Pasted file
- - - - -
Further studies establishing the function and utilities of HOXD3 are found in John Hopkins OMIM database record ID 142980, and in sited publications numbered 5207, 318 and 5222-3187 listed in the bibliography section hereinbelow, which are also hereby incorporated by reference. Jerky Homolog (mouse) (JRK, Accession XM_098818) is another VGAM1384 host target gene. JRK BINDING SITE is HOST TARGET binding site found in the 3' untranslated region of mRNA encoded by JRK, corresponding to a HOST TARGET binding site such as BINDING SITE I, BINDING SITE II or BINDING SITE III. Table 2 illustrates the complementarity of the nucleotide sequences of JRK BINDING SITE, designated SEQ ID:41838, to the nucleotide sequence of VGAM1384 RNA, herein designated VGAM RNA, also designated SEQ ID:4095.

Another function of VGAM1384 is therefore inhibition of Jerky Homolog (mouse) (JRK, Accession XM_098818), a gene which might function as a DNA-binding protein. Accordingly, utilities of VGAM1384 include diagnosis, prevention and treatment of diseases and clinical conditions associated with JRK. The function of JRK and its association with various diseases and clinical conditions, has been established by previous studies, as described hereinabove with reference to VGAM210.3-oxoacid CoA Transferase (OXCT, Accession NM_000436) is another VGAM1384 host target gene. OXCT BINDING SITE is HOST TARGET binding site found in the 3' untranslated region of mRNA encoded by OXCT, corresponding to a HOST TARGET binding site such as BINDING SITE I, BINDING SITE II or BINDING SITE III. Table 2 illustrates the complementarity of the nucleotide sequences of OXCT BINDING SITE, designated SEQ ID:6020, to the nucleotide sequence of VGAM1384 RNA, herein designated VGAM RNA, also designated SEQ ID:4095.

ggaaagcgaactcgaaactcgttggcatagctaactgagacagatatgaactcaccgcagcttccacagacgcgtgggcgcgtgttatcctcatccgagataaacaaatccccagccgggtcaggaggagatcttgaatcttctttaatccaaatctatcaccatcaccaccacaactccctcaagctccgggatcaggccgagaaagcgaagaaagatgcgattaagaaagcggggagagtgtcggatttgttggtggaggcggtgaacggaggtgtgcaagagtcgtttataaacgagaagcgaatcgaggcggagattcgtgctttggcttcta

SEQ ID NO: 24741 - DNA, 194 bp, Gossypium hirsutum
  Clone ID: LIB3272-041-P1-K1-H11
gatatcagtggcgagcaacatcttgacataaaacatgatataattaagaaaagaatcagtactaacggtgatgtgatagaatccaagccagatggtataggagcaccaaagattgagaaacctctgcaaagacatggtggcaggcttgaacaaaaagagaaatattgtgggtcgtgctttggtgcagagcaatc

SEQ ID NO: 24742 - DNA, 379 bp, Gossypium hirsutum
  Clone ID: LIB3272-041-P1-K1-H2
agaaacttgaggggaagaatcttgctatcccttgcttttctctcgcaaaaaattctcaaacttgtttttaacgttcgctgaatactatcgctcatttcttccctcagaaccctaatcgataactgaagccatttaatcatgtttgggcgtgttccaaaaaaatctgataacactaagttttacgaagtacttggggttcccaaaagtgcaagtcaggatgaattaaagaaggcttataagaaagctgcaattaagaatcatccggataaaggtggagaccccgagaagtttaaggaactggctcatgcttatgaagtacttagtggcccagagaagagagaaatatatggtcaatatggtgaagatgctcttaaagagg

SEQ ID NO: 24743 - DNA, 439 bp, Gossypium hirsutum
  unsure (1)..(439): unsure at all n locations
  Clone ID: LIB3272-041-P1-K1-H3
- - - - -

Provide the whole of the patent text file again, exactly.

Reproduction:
Further studies establishing the function and utilities of HOXD3 are found in John Hopkins OMIM database record ID 142980, and in sited publications numbered 5207, 318 and 5222-3187 listed in the bibliography section hereinbelow, which are also hereby incorporated by reference. Jerky Homolog (mouse) (JRK, Accession XM_098818) is another VGAM1384 host target gene. JRK BINDING SITE is HOST TARGET binding site found in the 3' untranslated region of mRNA encoded by JRK, corresponding to a HOST TARGET binding site such as BINDING SITE I, BINDING SITE II or BINDING SITE III. Table 2 illustrates the complementarity of the nucleotide sequences of JRK BINDING SITE, designated SEQ ID:41838, to the nucleotide sequence of VGAM1384 RNA, herein designated VGAM RNA, also designated SEQ ID:4095.

Another function of VGAM1384 is therefore inhibition of Jerky Homolog (mouse) (JRK, Accession XM_098818), a gene which might function as a DNA-binding protein. Accordingly, utilities of VGAM1384 include diagnosis, prevention and treatment of diseases and clinical conditions associated with JRK. The function of JRK and its association with various diseases and clinical conditions, has been established by previous studies, as described hereinabove with reference to VGAM210.3-oxoacid CoA Transferase (OXCT, Accession NM_000436) is another VGAM1384 host target gene. OXCT BINDING SITE is HOST TARGET binding site found in the 3' untranslated region of mRNA encoded by OXCT, corresponding to a HOST TARGET binding site such as BINDING SITE I, BINDING SITE II or BINDING SITE III. Table 2 illustrates the complementarity of the nucleotide sequences of OXCT BINDING SITE, designated SEQ ID:6020, to the nucleotide sequence of VGAM1384 RNA, herein designated VGAM RNA, also designated SEQ ID:4095.

ggaaagcgaactcgaaactcgttggcatagctaactgagacagatatgaactcaccgcagcttccacagacgcgtgggcgcgtgttatcctcatccgagataaacaaatccccagccgggtcaggaggagatcttgaatcttctttaatccaaatctatcaccatcaccaccacaactccctcaagctccgggatcaggccgagaaagcgaagaaagatgcgattaagaaagcggggagagtgtcggatttgttggtggaggcggtgaacggaggtgtgcaagagtcgtttataaacgagaagcgaatcgaggcggagattcgtgctttggcttcta

SEQ ID NO: 24741 - DNA, 194 bp, Gossypium hirsutum
  Clone ID: LIB3272-041-P1-K1-H11
gatatcagtggcgagcaacatcttgacataaaacatgatataattaagaaaagaatcagtactaacggtgatgtgatagaatccaagccagatggtataggagcaccaaagattgagaaacctctgcaaagacatggtggcaggcttgaacaaaaagagaaatattgtgggtcgtgctttggtgcagagcaatc

SEQ ID NO: 24742 - DNA, 379 bp, Gossypium hirsutum
  Clone ID: LIB3272-041-P1-K1-H2
agaaacttgaggggaagaatcttgctatcccttgcttttctctcgcaaaaaattctcaaacttgtttttaacgttcgctgaatactatcgctcatttcttccctcagaaccctaatcgataactgaagccatttaatcatgtttgggcgtgttccaaaaaaatctgataacactaagttttacgaagtacttggggttcccaaaagtgcaagtcaggatgaattaaagaaggcttataagaaagctgcaattaagaatcatccggataaaggtggagaccccgagaagtttaaggaactggctcatgcttatgaagtacttagtggcccagagaagagagaaatatatggtcaatatggtgaagatgctcttaaagagg

SEQ ID NO: 24743 - DNA, 439 bp, Gossypium hirsutum
  unsure (1)..(439): unsure at all n locations
  Clone ID: LIB3272-041-P1-K1-H3